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annual odonate surveys

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  • Dennis Paulson
    Those on CalOdes, the California odonate listserve, know all about this, but I d like to disseminate the idea. Kathy Biggs, the Odonata Central of California,
    Message 1 of 2 , Oct 31, 2006
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      Those on CalOdes, the California odonate listserve, know all about
      this, but I'd like to disseminate the idea.

      Kathy Biggs, the Odonata Central of California, has been encouraging
      people in the state to get out there and find all of the species
      known to occur in the state each year. She keeps a running tally of
      species reported, and this year, for example, they have reported 103
      of the 111 species known from the state. This may be the total for
      2006, as the flight season rapidly shuts down. It might prompt
      someone to ask about the status of the 8 species not seen and why
      they weren't. In most cases, it will probably be because no one
      visited the very few places they are known to occur. Alternatively,
      they were sought and couldn't be found, which might be of significance.

      This seems to be a great way to encourage people to get out in the
      field, and in addition it prompts those in the field to look for all
      species, common and rare, each year. By encouraging a search for
      every regional species, we can continue to keep track of all species
      in each state (or province, or country), an important monitoring tool
      for those that are rare or peripheral or are known to change in
      occurrence over time. And of course, the more time spent in the
      field, the more we will learn anyway.

      Are there any other regions that pursue this survey strategy?
      -----
      Dennis Paulson
      1724 NE 98 St.
      Seattle, WA 98115
      206-528-1382
      dennispaulson@...



      [Non-text portions of this message have been removed]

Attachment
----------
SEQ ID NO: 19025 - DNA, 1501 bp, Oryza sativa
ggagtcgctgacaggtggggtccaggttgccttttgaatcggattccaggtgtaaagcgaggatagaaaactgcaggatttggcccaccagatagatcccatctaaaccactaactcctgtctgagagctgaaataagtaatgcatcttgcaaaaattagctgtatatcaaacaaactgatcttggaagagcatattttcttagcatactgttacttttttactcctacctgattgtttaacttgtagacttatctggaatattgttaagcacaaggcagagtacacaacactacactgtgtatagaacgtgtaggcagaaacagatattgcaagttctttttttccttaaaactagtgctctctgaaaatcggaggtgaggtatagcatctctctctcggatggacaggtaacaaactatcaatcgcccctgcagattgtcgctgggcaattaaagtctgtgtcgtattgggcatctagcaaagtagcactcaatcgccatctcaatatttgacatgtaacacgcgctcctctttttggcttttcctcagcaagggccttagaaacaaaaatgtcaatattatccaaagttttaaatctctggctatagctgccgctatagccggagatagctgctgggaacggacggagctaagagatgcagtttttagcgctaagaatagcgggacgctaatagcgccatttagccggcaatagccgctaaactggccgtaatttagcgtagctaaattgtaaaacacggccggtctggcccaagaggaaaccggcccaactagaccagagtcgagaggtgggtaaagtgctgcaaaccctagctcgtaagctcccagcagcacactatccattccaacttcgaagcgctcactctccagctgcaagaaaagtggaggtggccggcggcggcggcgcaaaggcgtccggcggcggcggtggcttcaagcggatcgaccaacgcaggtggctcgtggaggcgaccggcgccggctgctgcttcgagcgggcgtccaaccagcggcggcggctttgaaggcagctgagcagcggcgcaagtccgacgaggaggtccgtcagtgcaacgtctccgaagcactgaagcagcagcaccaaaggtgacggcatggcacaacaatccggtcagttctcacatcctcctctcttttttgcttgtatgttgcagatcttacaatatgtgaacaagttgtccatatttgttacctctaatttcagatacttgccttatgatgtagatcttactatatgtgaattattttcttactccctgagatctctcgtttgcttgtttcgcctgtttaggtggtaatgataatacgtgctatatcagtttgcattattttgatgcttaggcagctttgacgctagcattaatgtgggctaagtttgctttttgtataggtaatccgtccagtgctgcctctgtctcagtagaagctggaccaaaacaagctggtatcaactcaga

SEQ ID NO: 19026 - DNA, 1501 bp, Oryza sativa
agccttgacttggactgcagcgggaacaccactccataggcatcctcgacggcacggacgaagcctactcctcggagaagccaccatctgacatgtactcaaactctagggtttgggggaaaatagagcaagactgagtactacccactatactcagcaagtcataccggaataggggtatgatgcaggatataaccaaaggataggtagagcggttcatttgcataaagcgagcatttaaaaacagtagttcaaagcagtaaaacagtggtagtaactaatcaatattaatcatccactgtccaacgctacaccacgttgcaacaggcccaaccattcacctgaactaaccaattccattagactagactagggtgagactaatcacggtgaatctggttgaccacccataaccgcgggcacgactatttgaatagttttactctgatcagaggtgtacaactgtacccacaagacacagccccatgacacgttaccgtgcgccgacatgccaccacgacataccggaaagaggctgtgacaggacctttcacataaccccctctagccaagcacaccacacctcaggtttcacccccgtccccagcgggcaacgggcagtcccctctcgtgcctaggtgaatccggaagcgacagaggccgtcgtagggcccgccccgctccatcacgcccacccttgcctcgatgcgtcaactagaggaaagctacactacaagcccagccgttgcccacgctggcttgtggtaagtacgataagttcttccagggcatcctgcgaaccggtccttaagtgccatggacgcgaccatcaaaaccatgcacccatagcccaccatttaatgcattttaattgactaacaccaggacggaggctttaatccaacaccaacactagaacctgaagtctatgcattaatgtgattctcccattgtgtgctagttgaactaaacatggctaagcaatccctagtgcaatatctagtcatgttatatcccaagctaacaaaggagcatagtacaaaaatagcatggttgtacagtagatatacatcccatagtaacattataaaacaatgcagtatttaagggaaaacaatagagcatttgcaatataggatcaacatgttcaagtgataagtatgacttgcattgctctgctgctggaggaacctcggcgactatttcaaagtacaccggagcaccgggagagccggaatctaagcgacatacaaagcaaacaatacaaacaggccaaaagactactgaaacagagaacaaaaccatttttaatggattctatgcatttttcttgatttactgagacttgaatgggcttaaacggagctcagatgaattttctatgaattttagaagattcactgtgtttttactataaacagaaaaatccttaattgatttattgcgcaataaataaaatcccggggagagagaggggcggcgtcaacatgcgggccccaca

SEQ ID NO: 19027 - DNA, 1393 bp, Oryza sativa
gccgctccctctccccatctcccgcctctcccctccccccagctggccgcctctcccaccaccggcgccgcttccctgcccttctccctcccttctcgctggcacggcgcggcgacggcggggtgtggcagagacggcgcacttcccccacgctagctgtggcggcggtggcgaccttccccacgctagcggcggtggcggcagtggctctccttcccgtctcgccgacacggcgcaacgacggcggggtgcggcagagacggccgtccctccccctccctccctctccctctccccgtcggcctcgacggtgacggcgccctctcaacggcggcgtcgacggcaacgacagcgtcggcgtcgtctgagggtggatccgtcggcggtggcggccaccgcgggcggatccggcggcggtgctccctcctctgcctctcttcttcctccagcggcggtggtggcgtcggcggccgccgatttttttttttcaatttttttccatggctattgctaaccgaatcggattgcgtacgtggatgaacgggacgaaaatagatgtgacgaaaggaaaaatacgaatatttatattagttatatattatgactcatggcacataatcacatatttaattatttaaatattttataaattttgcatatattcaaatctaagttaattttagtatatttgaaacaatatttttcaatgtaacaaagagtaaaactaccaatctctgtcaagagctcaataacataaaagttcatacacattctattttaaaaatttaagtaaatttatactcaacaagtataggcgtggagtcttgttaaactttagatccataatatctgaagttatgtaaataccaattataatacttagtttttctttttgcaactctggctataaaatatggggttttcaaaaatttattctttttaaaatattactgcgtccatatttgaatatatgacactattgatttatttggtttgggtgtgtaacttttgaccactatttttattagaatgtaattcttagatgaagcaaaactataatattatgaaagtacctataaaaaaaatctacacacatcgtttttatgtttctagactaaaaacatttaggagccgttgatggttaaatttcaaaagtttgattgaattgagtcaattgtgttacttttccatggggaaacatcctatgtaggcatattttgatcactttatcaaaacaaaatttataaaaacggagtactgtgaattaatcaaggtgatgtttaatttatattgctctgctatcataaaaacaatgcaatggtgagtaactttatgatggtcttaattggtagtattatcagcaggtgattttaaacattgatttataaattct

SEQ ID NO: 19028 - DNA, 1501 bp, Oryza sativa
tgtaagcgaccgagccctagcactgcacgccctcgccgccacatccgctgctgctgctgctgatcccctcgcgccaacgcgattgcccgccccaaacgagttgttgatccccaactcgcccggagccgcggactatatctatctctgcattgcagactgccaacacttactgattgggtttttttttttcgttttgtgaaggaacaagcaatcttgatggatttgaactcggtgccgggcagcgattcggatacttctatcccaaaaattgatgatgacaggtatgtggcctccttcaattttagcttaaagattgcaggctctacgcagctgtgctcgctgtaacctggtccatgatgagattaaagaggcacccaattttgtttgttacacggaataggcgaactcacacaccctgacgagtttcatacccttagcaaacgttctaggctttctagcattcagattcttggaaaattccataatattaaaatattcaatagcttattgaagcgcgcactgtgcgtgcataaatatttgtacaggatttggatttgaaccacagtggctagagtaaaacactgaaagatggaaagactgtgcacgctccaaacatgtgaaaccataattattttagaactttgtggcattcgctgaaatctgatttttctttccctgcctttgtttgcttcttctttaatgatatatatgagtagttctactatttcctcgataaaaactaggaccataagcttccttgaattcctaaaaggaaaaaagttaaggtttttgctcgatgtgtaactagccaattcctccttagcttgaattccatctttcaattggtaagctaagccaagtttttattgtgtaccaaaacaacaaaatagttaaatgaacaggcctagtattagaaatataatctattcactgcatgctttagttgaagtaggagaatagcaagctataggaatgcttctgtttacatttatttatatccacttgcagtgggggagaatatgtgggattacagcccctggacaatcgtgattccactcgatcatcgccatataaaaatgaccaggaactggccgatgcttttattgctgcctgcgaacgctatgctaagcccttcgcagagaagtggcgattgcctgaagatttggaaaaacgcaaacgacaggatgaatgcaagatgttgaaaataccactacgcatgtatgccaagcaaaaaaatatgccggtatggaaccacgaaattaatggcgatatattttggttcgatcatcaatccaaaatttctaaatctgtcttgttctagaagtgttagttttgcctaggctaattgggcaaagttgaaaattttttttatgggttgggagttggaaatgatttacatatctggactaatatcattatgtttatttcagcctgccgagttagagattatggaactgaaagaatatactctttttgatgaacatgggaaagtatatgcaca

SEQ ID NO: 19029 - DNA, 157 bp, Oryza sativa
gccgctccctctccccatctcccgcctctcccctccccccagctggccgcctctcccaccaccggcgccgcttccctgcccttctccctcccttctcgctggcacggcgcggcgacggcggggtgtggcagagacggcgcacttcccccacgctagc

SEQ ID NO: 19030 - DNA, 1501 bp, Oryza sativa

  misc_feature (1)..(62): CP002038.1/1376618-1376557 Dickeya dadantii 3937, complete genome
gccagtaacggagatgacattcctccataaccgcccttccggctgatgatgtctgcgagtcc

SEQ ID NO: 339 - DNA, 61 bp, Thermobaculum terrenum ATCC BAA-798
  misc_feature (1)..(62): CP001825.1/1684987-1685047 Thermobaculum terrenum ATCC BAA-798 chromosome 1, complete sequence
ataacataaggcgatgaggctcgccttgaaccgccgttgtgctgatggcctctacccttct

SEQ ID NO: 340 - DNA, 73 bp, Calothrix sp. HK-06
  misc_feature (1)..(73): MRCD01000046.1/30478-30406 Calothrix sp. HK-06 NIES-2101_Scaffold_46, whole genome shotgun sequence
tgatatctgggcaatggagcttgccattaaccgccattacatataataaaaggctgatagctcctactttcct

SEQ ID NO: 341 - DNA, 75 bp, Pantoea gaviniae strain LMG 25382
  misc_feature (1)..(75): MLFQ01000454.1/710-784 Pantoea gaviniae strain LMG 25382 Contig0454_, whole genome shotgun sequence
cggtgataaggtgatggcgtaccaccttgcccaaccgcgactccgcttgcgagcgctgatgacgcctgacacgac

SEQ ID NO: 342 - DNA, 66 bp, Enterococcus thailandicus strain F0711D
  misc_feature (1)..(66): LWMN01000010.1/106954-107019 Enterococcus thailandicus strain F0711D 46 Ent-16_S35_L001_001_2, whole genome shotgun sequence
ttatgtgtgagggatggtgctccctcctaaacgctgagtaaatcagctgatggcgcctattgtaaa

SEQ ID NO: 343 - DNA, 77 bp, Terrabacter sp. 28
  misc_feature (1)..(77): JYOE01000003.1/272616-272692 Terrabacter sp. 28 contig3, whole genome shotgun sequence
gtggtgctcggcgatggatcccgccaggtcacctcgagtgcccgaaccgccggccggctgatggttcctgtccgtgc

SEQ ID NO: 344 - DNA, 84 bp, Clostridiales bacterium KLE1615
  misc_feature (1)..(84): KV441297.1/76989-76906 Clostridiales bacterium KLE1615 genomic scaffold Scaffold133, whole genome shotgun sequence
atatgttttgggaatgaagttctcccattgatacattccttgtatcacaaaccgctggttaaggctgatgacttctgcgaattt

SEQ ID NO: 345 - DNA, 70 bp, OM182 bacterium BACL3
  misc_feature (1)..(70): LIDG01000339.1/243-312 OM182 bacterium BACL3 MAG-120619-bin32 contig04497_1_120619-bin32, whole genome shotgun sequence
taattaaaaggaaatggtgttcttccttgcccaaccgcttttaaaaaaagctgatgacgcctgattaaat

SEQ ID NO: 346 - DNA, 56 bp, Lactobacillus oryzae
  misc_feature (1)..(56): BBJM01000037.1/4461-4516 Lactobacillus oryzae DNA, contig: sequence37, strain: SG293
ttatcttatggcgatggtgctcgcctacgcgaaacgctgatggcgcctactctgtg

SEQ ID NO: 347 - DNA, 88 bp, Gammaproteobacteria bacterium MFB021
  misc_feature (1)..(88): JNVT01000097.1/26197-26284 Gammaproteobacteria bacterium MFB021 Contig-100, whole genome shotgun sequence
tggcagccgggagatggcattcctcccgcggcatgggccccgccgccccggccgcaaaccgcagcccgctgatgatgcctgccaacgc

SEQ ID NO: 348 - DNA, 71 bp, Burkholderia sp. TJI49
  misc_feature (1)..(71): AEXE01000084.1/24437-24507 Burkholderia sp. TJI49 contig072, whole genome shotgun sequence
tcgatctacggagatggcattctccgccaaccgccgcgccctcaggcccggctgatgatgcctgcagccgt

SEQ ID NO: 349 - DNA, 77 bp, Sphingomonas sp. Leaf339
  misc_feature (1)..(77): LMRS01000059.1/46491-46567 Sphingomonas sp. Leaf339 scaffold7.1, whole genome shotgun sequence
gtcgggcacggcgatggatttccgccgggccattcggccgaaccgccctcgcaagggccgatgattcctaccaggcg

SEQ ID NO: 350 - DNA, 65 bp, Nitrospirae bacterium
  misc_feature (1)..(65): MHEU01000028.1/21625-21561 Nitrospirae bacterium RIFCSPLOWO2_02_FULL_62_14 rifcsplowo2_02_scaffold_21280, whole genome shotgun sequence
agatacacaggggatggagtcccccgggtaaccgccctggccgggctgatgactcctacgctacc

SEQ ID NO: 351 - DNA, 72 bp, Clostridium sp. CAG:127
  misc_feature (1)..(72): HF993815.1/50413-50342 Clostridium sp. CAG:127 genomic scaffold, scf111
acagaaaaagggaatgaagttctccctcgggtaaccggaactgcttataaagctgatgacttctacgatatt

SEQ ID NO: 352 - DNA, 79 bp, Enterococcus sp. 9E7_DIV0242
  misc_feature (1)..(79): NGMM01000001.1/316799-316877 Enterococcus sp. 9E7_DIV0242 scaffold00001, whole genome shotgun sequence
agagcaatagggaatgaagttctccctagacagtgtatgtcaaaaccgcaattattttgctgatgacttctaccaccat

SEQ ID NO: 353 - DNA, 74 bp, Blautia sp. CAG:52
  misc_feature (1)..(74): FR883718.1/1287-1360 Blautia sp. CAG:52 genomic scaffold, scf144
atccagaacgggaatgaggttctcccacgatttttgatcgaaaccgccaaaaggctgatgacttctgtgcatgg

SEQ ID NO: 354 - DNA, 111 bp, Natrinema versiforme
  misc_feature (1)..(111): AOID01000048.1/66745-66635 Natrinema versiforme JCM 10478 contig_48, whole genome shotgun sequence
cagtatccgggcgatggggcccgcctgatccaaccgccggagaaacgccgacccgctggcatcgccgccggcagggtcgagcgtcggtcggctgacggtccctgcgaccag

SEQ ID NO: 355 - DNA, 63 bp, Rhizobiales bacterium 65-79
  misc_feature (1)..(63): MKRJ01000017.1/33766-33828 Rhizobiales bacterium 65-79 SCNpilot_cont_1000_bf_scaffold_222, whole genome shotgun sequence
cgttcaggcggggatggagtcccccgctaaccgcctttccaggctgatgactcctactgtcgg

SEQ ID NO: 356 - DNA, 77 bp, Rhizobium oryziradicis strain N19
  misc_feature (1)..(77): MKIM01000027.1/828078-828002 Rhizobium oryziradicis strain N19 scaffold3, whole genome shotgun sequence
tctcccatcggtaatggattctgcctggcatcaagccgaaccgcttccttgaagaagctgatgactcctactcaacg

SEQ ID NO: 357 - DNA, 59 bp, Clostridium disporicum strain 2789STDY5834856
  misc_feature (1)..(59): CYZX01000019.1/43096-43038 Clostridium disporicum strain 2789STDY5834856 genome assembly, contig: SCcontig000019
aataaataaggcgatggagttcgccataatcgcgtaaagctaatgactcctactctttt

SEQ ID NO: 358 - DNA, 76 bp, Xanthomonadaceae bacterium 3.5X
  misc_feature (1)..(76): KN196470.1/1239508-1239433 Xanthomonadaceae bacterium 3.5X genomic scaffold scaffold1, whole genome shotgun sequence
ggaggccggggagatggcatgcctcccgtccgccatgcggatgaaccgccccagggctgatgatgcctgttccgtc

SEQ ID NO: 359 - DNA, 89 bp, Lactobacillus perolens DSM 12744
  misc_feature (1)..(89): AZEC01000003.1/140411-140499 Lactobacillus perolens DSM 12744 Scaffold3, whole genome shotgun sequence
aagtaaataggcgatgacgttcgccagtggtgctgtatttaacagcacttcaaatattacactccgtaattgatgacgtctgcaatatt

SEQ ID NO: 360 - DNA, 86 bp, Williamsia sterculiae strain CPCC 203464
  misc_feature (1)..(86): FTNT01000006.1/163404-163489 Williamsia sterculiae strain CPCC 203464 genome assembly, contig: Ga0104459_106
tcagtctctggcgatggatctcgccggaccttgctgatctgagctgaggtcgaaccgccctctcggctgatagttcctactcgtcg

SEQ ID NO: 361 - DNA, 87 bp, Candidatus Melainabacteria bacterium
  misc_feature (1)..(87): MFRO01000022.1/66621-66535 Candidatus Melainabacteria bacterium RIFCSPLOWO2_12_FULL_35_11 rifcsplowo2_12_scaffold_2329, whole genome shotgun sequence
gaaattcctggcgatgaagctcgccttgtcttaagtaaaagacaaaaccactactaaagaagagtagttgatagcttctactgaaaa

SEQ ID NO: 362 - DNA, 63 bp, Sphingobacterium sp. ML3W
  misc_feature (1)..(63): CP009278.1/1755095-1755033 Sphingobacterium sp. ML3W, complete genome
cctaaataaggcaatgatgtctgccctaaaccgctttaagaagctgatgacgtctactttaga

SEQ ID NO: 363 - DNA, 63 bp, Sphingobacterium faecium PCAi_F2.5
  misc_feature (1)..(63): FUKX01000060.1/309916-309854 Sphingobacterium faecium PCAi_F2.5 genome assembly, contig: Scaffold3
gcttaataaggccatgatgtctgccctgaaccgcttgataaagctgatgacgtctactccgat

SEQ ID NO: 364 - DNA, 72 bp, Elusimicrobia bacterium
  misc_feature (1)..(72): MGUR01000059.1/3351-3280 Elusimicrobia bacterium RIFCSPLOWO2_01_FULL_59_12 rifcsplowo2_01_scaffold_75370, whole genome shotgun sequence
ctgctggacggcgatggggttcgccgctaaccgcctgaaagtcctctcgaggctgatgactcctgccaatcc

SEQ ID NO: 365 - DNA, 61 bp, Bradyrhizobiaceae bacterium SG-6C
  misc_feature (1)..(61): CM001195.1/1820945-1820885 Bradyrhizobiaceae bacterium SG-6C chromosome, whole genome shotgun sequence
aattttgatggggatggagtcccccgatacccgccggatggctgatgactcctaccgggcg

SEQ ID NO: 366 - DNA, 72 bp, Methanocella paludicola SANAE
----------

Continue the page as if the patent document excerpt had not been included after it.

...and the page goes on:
• chris kline
      Hi Dennis and others, Seems like (in AZ at least) the ode people aren t quite as well organized as the lep people, or maybe there just aren t as many of us.
      Message 2 of 2 , Nov 3, 2006
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        Hi Dennis and others,

        Seems like (in AZ at least) the ode people aren't quite as well organized as the lep people, or maybe there just aren't as many of us.

        Here at Boyce Thompson Arboretum (Superior, AZ) we do a monthly dragonfly walk from May thru October. With that, we are able to keep track of what we have flying here locally plus make an attempt to try to get other folks jazzed about odes.

        In the near future I am wanting to structure our dragonfly program a hair differently, to create more of a "citizen science" atmosphere with the program, and hopefully encourage our participants to travel throughout AZ looking for odes.

        Something that Rich Bailowitz and I have discussed from time to time is how to get new, young people more involved in looking for odes (and other creatures too). I'm sounding like a crusty old flatulant here (all of 43!). Seems like with the advent of "state standards" and their focus on the molecular level of biology (at least in Arizona public schools), there has been a virtual abandonment of field biology.

        I think all of these tangents relate to your question of whether other states are tracking their odes.

        chris

        Dennis Paulson <dennispaulson@...> wrote:
        Those on CalOdes, the California odonate listserve, know all about
        this, but I'd like to disseminate the idea.

        Kathy Biggs, the Odonata Central of California, has been encouraging
        people in the state to get out there and find all of the species
        known to occur in the state each year. She keeps a running tally of
        species reported, and this year, for example, they have reported 103
        of the 111 species known from the state. This may be the total for
        2006, as the flight season rapidly shuts down. It might prompt
        someone to ask about the status of the 8 species not seen and why
        they weren't. In most cases, it will probably be because no one
        visited the very few places they are known to occur. Alternatively,
        they were sought and couldn't be found, which might be of significance.

        This seems to be a great way to encourage people to get out in the
        field, and in addition it prompts those in the field to look for all
        species, common and rare, each year. By encouraging a search for
        every regional species, we can continue to keep track of all species
        in each state (or province, or country), an important monitoring tool
        for those that are rare or peripheral or are known to change in
        occurrence over time. And of course, the more time spent in the
        field, the more we will learn anyway.

        Are there any other regions that pursue this survey strategy?
        -----
        Dennis Paulson
        1724 NE 98 St.
        Seattle, WA 98115
        206-528-1382
        dennispaulson@...

        [Non-text portions of this message have been removed]






        If you wait for perfect conditions, you will never get anything done.
        Chris Kline
        Senior Instructional Specialist
        Boyce Thompson Arboretum
        37615 U.S. Highway 60
        Superior, Arizona 85273
        (520) 689-2723

        [Non-text portions of this message have been removed]
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